"Enterprises want to know what they're getting, and service providers want to sell more by eliminating confusion," MEF CTO Pascal Menezes told Light Reading's Mitch Wagner.

MEF expects to release the final specification in mid-July, and if it takes hold, Perrin says a uniform definition could be useful in expanding SD-WAN adoption by providing clarity and weeding out vendors that claim to provide SD-WAN but offer services that don't measure up to the industry standard.

"I think the impact will be more going forward than up until today," says Perrin, principal analyst of Optical Networking & Transport for Heavy Reading. "The vendor interoperability portion is probably less compelling, but getting to service specs that define 'what is an SD-WAN service? What are the attributes you need?' does get at reducing the complexity of evaluating and deploying SD-WAN. If it takes, it will be helpful in expanding deployment."

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MEF's definition specifies that an SD-WAN service needs to provide visibility into the application layer, control over the application layer that extends to dynamic path selection, analytics tools to "make sure policies are adhered to," and several other features such as routing, security and WAN optimization, explains Brian Washburn, practice leader of Network Transformation & Cloud for Ovum.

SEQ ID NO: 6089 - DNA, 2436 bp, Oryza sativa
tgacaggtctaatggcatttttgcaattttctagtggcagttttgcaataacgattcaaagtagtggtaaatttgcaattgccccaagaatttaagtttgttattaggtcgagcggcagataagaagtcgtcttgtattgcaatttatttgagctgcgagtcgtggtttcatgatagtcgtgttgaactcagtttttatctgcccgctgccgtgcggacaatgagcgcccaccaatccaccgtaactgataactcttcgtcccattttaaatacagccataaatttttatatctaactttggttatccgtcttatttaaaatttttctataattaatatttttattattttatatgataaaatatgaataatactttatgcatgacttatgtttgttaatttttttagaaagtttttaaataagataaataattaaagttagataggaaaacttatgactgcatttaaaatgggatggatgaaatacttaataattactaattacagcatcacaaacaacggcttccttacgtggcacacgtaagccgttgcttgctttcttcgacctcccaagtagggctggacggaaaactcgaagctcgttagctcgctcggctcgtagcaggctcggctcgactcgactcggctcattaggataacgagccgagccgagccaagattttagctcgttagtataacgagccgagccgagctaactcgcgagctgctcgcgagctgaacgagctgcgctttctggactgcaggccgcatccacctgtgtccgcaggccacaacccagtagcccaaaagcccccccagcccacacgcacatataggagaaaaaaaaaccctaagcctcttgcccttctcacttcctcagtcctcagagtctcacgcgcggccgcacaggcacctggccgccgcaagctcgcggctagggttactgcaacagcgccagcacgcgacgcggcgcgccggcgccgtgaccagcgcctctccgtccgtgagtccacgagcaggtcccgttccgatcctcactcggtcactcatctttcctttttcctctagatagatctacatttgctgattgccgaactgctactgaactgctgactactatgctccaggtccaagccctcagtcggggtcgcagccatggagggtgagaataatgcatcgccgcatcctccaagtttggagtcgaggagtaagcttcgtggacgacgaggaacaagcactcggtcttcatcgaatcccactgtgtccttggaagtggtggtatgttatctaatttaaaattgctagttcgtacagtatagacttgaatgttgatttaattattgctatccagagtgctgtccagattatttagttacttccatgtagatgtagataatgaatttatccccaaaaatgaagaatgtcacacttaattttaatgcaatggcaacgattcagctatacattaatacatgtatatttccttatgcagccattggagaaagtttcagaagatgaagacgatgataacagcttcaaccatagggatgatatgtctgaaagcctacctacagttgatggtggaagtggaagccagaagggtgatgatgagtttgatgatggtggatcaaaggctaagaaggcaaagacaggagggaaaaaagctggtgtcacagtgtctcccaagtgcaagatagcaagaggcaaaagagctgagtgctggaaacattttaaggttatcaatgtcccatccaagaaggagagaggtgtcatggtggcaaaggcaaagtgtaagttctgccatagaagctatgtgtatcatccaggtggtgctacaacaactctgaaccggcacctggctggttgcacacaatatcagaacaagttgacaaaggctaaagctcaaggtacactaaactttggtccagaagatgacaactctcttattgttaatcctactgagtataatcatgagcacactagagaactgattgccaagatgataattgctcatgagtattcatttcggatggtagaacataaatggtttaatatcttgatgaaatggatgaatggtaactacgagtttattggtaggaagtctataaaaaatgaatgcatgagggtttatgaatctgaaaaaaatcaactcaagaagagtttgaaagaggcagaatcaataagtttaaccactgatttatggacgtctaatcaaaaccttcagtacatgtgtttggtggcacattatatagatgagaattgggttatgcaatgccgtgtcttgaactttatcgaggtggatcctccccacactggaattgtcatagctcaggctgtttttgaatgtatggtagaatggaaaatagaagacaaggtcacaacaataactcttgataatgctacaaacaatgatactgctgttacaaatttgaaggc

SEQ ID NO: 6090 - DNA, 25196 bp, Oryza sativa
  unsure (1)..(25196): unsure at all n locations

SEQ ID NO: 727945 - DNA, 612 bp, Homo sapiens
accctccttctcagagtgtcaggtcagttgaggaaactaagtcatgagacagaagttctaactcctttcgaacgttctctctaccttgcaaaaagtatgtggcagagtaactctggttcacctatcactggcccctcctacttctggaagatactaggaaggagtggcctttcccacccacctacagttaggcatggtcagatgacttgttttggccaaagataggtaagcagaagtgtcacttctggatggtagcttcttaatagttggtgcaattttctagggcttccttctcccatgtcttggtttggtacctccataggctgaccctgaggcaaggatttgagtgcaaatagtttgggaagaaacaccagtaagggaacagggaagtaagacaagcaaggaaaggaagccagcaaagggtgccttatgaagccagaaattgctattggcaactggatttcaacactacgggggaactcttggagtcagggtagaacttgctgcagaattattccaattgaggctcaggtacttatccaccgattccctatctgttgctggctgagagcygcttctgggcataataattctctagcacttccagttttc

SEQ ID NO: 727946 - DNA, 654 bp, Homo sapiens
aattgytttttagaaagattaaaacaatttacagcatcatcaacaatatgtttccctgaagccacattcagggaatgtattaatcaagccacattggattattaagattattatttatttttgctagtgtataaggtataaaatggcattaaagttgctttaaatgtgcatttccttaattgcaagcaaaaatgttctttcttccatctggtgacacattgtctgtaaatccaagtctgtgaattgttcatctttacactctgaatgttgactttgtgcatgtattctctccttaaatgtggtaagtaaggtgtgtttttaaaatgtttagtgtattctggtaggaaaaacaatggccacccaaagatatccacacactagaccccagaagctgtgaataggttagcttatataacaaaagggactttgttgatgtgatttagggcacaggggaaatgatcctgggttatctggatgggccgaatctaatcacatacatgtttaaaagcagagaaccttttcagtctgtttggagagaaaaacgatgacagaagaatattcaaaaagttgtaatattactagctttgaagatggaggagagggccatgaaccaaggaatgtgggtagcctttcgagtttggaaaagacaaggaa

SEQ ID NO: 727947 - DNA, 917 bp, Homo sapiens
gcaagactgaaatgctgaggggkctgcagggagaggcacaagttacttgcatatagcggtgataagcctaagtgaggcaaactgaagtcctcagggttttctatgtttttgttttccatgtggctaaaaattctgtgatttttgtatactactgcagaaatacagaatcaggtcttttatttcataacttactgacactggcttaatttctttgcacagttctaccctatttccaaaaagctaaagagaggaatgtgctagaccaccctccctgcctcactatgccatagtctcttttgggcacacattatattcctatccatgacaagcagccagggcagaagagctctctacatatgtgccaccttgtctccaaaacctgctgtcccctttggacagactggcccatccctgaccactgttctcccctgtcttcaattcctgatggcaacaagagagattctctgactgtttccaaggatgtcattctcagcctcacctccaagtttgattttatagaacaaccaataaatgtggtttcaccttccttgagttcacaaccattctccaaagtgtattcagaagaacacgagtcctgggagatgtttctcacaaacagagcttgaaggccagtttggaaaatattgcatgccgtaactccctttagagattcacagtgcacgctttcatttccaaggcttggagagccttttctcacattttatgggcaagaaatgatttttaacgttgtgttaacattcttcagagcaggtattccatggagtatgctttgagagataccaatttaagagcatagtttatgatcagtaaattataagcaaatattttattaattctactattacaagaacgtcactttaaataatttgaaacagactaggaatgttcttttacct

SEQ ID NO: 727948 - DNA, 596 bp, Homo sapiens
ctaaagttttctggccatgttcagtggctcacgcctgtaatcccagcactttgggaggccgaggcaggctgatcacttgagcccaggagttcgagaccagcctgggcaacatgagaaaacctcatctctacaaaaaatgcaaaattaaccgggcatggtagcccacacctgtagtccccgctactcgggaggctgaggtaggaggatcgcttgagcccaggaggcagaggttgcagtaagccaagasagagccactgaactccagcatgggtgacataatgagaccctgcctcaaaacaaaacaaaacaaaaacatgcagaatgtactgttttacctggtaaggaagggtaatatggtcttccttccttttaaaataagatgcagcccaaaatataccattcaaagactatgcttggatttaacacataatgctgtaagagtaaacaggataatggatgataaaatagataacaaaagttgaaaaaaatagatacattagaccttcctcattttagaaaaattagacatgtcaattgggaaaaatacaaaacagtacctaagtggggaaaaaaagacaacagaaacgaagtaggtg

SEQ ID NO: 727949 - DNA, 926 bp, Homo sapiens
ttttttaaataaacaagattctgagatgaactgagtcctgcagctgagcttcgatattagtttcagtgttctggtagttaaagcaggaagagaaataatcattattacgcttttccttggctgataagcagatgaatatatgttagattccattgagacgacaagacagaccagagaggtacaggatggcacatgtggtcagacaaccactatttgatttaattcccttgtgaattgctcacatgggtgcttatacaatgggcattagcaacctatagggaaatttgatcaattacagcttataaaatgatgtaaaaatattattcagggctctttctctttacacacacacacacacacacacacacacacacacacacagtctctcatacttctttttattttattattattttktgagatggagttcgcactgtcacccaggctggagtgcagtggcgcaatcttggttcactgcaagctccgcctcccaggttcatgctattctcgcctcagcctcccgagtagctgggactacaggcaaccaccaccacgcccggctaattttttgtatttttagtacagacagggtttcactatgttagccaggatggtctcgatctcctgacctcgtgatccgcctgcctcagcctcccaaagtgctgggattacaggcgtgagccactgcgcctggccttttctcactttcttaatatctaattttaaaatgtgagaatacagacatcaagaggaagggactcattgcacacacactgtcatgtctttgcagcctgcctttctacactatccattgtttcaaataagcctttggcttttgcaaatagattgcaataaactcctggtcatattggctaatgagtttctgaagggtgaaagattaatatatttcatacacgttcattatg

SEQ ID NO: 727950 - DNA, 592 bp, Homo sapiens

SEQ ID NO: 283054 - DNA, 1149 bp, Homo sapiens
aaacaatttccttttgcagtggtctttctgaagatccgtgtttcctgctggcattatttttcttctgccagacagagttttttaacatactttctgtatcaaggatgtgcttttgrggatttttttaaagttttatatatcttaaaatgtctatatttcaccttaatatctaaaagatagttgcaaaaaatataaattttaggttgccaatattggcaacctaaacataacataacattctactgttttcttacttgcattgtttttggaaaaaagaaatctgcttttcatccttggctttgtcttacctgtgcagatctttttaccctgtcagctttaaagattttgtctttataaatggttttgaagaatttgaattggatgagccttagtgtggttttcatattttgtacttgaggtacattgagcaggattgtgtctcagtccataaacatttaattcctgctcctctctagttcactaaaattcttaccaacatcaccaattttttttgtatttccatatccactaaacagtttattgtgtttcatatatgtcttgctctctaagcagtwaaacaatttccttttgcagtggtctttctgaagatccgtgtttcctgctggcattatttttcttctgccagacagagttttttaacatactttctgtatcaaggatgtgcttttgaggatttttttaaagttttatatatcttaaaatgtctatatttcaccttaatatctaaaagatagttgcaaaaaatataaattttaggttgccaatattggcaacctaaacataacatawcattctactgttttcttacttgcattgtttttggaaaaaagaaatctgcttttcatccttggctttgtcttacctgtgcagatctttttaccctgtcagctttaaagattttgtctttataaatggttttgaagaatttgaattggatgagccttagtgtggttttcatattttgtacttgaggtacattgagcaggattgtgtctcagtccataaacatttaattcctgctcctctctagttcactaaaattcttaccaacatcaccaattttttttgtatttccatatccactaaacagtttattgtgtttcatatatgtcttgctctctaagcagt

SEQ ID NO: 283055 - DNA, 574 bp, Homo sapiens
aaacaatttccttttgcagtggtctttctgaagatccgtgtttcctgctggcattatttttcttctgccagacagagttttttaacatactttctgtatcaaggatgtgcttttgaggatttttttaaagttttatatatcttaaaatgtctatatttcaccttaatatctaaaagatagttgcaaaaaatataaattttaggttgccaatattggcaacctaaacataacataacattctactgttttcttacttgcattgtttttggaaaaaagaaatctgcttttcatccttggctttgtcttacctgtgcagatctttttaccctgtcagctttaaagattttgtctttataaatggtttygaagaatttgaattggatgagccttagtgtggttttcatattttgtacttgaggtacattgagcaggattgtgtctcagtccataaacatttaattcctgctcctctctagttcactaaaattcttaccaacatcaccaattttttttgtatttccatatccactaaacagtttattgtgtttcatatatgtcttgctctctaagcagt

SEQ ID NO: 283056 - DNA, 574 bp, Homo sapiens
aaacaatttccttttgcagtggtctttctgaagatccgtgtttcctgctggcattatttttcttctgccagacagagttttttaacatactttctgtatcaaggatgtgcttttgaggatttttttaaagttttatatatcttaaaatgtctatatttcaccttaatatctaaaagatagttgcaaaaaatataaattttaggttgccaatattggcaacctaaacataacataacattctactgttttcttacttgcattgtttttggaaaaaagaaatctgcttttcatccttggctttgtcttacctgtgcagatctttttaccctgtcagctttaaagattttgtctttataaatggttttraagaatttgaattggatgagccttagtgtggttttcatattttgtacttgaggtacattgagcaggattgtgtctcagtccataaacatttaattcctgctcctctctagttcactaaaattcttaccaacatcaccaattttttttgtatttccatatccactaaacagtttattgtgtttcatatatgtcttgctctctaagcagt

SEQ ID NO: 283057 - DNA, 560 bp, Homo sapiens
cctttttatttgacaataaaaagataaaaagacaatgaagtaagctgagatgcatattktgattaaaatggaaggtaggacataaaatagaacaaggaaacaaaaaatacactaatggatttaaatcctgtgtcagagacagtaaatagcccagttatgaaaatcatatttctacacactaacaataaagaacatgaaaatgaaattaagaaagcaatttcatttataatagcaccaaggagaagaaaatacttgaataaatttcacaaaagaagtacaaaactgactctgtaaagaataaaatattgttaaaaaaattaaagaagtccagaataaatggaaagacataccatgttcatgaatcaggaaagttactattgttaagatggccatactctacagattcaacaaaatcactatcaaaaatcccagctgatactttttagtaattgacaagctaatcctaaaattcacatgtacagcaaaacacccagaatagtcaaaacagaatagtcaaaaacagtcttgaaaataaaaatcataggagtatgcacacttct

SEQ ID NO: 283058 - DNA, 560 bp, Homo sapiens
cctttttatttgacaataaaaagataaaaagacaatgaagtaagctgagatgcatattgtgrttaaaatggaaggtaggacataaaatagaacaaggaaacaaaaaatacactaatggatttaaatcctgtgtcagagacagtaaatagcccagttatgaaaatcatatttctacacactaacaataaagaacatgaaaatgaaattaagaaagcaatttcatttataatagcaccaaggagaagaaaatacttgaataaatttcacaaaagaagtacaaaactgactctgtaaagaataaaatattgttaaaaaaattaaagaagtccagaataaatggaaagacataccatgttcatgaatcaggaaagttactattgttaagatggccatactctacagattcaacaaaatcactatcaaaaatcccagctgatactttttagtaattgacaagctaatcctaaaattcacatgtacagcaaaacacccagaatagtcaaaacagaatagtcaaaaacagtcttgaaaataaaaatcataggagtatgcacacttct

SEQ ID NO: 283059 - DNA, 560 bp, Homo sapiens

Washburn adds that a clearer definition of the SD-WAN technology and service will be important when enterprises decide to switch SD-WAN platforms, service providers will "want to port customers in as standardized a way as possible. If they need to graduate from one [SD-WAN service] to the other, you're not starting all over again."